Also have a look at group Python_bindings.
They can be found in src/optional/python-bindings.
To enable them in the compilation process you have to add --enable-python-bindings to the call of ./configure.
As a starting point have a look at the example-scripts.
The python bindings supply the ability to access a wide range of the core functions of GnuCash. You can read and write Transactions, Commodities, Lots, access the business stuff... You gain the ability to manipulate your financial data with a flexible scripting language.
Not everything GnuCash can is possible to access though. The bindings focus on basic accounting functions. Have a look at the examples to get an impression.
The python-bindings are generated using SWIG from parts of the source-files of GnuCash.
SWIG extracts informations from the c-sources and provides access to the structures to python. It's work is controlled by interface files :
If you have generated your own local doxygen documentation (by "make doc") after having compiled the python-bindings, doxygen will include SWIGs output-files. It's actually quite interesting to have a look at them through doxygen, because they contain all that you can access from python.
This c-style-api is the bottom layer. It is a quite raw extract and close to the original source. Some more details are described further down.
For some parts there is a second layer of a nice pythonic interface. It is declared in
>> import gnucash
You can access the structures of the high level api. For Example you get a Session object by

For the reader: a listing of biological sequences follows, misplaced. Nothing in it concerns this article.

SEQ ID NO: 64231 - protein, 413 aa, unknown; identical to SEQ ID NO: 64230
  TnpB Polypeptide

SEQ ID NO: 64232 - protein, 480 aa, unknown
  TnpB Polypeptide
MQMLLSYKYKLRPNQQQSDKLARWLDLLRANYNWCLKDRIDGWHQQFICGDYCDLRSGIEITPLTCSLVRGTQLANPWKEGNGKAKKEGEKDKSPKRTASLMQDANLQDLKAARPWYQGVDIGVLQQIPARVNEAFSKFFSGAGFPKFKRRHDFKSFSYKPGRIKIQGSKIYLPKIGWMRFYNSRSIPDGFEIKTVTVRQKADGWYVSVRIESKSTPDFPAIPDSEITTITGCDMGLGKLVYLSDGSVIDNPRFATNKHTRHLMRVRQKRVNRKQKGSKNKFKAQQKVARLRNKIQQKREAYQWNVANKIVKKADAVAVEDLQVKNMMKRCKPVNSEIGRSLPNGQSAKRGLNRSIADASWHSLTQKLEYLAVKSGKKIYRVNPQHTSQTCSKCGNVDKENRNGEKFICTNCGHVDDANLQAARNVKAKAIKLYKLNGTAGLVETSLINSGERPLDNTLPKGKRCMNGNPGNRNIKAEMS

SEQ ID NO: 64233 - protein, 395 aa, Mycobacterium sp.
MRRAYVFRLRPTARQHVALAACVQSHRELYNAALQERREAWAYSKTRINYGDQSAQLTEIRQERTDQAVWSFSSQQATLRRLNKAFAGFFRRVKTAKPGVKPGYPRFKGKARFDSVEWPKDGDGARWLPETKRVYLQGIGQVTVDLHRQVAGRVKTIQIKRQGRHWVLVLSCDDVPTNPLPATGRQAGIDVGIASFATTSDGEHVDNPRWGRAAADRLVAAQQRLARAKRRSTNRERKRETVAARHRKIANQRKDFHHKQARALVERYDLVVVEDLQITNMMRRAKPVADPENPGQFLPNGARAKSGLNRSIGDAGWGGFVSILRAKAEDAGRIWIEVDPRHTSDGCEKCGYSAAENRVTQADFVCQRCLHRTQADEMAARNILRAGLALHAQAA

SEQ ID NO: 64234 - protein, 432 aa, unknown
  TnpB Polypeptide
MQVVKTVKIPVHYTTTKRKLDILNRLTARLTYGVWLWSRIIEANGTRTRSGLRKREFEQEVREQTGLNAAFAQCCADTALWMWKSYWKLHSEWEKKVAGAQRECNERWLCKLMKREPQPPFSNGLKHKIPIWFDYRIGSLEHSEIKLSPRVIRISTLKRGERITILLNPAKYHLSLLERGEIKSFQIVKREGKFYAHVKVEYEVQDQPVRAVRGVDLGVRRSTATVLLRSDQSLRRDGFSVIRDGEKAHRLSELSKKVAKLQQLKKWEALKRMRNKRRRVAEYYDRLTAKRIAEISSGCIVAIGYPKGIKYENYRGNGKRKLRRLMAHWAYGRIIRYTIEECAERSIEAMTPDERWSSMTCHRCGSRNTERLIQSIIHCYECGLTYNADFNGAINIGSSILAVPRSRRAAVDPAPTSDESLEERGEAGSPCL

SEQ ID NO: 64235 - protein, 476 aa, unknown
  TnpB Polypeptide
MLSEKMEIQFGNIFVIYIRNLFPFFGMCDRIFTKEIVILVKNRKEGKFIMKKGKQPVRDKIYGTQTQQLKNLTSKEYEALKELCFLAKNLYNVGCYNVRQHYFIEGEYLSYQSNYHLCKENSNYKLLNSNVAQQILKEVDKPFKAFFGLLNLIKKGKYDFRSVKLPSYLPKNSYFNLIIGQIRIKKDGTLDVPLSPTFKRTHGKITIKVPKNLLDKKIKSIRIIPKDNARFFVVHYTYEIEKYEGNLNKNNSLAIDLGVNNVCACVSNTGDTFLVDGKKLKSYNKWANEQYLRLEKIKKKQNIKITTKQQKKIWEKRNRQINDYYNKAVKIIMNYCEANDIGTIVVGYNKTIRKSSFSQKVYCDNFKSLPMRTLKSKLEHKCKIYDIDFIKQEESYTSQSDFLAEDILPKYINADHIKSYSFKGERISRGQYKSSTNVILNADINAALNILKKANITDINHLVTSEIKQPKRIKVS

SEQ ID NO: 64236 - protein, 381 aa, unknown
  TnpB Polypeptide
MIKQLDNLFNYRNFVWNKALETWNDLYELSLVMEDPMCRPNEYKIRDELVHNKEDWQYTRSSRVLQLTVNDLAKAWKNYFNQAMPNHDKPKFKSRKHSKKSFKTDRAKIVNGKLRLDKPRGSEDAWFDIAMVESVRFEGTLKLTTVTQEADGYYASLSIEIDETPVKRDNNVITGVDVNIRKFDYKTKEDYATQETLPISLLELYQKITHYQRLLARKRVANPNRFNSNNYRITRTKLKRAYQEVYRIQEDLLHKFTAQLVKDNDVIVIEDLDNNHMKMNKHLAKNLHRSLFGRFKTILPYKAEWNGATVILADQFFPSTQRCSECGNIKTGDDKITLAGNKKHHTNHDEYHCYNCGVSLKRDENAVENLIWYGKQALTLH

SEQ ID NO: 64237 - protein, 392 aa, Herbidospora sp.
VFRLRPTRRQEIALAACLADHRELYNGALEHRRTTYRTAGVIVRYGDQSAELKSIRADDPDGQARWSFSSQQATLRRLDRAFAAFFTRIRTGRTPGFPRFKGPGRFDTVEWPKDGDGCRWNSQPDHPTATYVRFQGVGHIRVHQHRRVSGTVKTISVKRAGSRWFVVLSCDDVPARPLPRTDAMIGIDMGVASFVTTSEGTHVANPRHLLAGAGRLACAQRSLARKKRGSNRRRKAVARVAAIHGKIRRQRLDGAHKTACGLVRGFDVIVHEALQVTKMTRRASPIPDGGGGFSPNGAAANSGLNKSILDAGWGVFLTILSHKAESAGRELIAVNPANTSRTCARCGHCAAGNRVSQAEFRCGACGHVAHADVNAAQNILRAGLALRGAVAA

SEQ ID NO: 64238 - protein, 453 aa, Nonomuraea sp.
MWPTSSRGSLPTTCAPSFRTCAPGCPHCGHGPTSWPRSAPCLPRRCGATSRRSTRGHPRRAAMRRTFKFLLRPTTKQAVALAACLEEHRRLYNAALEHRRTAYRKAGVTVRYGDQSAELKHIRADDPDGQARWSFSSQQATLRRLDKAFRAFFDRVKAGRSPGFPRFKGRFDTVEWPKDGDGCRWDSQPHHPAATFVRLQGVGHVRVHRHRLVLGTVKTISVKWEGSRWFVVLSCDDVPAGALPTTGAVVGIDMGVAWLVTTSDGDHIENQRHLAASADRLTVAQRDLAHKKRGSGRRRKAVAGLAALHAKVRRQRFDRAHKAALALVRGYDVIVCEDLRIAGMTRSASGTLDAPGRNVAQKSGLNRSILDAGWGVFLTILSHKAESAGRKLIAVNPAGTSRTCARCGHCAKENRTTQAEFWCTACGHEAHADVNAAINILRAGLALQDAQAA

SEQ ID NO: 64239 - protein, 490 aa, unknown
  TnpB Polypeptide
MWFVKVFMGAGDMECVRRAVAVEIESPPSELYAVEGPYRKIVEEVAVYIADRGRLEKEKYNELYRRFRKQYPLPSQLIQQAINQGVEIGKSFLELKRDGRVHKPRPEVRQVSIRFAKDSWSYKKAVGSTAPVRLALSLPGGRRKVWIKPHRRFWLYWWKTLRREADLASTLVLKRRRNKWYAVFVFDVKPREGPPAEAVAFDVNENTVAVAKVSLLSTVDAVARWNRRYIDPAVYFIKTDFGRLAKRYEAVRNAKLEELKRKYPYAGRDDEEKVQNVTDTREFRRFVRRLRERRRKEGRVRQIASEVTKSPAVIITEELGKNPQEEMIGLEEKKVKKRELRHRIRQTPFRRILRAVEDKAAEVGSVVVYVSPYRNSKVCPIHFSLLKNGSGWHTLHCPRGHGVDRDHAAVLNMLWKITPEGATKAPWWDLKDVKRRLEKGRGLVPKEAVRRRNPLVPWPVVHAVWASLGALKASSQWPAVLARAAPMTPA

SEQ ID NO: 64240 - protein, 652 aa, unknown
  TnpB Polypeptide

Here you will find easy to use things. But sometimes - and at the current level rather sooner than later - you may be forced to search for solutions at the :
>> import gnucash
The c-style-api can be accessed via gnucash.gnucash_core_c. You can have a look at all the possibilities at gnucash_core_c.py.
You will find a lot of pointers here which you can just ignore if input and output of the function have the same type.
For example you could start a session by gnucash.gnucash_core_c.qof_session_begin(). But if you just try
you will get an error message and realize the lack of convenience for you have to add the correct function parameters.
Not all of the available structures will work. SWIG just takes everything from the sources that it is fed with and translates it. Not everything is a working translation, because not everything has been worked through. At this point you are getting closer to the developers who you can contact at the mailing-list firstname.lastname@example.org. There may be a workaround. Maybe the problem can only be fixed by changing SWIGs input files to correctly translate the c-source. Feel free to post a question at the developers list. It may awaken the interest of someone who creates some more beautiful python-interfaces.
The start would surely be the high-level api for you can be quite sure to have something working and you will maybe find explanations in the example-scripts. If you search for something that is not yet implemented in that way you will have to take your way to the c-style-api.